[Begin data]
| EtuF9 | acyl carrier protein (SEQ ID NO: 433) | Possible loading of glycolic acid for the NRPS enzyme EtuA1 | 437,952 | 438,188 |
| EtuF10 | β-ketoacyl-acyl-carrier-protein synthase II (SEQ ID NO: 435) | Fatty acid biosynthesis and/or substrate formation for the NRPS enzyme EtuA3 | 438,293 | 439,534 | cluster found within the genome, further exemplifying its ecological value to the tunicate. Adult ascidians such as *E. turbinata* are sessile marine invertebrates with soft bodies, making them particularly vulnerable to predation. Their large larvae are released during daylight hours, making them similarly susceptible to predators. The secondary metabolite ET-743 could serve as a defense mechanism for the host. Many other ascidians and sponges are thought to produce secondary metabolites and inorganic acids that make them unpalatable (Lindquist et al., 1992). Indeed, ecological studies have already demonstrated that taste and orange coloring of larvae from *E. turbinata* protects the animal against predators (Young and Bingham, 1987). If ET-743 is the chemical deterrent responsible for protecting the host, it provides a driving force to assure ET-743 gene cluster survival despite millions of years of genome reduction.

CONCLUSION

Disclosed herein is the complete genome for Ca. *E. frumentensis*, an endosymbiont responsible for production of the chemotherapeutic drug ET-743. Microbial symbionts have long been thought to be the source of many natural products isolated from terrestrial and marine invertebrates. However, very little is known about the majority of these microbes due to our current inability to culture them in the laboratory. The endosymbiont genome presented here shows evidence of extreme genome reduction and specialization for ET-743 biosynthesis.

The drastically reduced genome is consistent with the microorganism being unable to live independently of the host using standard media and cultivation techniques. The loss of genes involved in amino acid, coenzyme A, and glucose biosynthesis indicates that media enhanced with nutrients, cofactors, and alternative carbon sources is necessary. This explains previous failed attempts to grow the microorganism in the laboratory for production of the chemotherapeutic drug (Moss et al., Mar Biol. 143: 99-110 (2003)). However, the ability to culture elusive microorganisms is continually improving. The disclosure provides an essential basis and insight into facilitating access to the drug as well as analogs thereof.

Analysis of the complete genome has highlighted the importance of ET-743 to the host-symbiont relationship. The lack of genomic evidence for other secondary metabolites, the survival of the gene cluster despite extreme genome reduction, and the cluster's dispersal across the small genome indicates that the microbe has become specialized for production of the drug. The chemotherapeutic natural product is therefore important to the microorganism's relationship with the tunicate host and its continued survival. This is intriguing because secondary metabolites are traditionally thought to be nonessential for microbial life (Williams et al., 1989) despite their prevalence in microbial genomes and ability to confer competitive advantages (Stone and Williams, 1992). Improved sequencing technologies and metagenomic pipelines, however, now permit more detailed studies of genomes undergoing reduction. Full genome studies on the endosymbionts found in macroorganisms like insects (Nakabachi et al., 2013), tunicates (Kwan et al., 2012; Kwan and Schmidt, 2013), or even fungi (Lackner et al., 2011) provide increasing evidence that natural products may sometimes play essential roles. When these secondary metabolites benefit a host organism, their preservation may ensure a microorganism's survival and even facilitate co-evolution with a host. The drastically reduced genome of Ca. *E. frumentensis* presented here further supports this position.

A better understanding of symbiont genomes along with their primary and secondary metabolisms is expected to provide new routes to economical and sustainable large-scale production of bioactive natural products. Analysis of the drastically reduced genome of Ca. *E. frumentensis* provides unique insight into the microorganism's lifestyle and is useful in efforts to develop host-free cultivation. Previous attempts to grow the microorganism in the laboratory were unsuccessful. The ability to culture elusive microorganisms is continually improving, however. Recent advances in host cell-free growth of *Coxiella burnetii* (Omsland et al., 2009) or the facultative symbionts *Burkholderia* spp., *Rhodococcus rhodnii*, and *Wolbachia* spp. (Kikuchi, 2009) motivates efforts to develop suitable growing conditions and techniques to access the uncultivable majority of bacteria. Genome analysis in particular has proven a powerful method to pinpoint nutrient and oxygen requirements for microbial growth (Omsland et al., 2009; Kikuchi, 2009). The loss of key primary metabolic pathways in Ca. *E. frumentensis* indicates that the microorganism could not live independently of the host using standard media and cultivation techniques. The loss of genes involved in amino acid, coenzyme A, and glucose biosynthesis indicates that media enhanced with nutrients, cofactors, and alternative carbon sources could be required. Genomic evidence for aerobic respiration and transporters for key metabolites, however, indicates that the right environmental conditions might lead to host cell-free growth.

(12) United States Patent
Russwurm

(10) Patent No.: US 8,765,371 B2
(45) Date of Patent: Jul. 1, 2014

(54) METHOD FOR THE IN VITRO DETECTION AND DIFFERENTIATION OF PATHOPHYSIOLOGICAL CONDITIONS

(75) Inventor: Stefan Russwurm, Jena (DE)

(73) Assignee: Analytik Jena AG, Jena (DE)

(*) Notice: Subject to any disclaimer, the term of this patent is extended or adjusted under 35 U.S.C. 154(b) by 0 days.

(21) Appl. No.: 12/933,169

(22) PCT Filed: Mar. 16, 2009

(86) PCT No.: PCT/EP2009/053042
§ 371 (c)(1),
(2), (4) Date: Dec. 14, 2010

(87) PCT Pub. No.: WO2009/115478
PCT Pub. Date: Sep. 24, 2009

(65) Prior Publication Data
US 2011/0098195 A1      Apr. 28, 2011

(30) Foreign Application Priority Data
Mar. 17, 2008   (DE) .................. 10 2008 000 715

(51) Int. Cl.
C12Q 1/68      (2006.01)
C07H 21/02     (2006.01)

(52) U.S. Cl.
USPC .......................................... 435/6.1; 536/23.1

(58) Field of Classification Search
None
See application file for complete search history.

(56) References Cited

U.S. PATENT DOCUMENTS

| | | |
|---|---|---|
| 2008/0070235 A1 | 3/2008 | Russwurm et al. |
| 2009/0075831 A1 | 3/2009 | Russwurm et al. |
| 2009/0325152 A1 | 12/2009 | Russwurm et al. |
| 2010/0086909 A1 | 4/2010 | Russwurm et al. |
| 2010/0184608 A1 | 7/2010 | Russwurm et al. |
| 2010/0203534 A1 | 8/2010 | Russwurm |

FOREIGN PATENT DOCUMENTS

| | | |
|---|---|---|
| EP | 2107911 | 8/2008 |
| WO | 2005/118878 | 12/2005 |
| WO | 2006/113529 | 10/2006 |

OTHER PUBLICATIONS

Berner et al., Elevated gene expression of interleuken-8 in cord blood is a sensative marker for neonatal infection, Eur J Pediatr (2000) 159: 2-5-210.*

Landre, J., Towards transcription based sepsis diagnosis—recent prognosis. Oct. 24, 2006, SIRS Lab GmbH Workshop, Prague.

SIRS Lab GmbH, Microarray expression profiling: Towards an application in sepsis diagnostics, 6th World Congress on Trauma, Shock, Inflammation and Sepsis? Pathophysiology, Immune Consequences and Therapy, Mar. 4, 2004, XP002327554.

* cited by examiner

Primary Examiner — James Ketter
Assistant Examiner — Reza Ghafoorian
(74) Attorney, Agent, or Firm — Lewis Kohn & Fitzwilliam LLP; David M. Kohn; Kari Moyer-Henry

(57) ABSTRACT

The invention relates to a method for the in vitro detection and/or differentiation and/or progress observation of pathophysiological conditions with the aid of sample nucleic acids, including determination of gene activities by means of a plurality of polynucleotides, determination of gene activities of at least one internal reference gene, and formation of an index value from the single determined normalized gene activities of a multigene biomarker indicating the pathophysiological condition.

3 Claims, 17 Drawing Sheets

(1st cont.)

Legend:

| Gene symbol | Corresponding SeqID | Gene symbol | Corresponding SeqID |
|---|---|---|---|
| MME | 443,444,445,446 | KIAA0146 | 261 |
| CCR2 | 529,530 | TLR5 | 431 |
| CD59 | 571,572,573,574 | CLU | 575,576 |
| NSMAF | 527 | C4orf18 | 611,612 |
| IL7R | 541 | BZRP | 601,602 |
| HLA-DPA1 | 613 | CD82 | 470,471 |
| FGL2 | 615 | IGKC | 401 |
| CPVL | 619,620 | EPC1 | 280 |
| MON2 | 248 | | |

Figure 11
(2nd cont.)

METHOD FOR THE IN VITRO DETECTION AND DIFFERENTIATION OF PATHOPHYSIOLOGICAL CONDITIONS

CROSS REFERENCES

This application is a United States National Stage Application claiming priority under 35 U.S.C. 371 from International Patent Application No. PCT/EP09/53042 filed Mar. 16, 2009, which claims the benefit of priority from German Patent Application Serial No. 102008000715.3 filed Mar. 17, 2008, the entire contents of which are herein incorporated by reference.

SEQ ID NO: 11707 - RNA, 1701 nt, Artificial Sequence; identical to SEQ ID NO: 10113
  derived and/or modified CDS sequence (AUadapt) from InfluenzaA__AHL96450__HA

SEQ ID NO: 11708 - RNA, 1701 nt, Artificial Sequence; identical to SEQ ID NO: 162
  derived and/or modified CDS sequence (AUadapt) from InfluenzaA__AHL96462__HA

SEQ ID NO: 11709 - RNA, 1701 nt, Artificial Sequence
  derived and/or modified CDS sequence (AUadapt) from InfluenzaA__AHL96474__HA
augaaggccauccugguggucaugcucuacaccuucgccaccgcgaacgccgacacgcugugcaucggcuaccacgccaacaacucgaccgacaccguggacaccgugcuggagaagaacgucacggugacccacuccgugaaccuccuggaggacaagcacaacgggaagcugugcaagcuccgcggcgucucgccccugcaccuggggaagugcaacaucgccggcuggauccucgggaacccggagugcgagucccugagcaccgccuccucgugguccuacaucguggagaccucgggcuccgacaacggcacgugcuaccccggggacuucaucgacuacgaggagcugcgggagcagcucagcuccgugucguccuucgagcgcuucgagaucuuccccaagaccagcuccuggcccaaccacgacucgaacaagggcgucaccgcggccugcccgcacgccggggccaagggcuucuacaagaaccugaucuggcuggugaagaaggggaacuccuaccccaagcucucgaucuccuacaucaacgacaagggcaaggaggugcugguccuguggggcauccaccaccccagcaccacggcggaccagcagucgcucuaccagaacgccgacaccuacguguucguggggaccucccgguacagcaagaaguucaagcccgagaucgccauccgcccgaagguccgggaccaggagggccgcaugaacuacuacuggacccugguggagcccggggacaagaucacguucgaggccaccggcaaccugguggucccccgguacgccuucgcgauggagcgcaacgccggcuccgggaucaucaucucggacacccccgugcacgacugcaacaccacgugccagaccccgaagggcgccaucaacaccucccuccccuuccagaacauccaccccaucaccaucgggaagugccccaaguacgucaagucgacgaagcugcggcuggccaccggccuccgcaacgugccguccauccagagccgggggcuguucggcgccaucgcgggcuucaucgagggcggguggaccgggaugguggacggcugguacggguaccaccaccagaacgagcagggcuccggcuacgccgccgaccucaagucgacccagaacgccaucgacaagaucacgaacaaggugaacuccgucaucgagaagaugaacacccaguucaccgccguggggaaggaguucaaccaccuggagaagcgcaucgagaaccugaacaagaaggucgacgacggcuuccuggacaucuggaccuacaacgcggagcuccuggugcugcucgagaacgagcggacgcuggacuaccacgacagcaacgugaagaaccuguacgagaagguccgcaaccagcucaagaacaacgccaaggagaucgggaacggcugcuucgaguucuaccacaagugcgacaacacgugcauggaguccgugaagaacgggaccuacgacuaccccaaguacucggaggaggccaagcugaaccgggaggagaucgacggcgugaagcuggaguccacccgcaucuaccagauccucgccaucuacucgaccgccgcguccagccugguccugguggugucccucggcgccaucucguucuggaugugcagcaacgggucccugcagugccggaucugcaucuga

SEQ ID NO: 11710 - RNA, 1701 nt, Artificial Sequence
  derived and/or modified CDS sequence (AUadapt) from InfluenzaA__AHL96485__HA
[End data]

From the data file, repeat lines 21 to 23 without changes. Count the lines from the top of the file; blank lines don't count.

(87) PCT Pub. No.: WO2009/115478
PCT Pub. Date: Sep. 24, 2009

(65) Prior Publication Data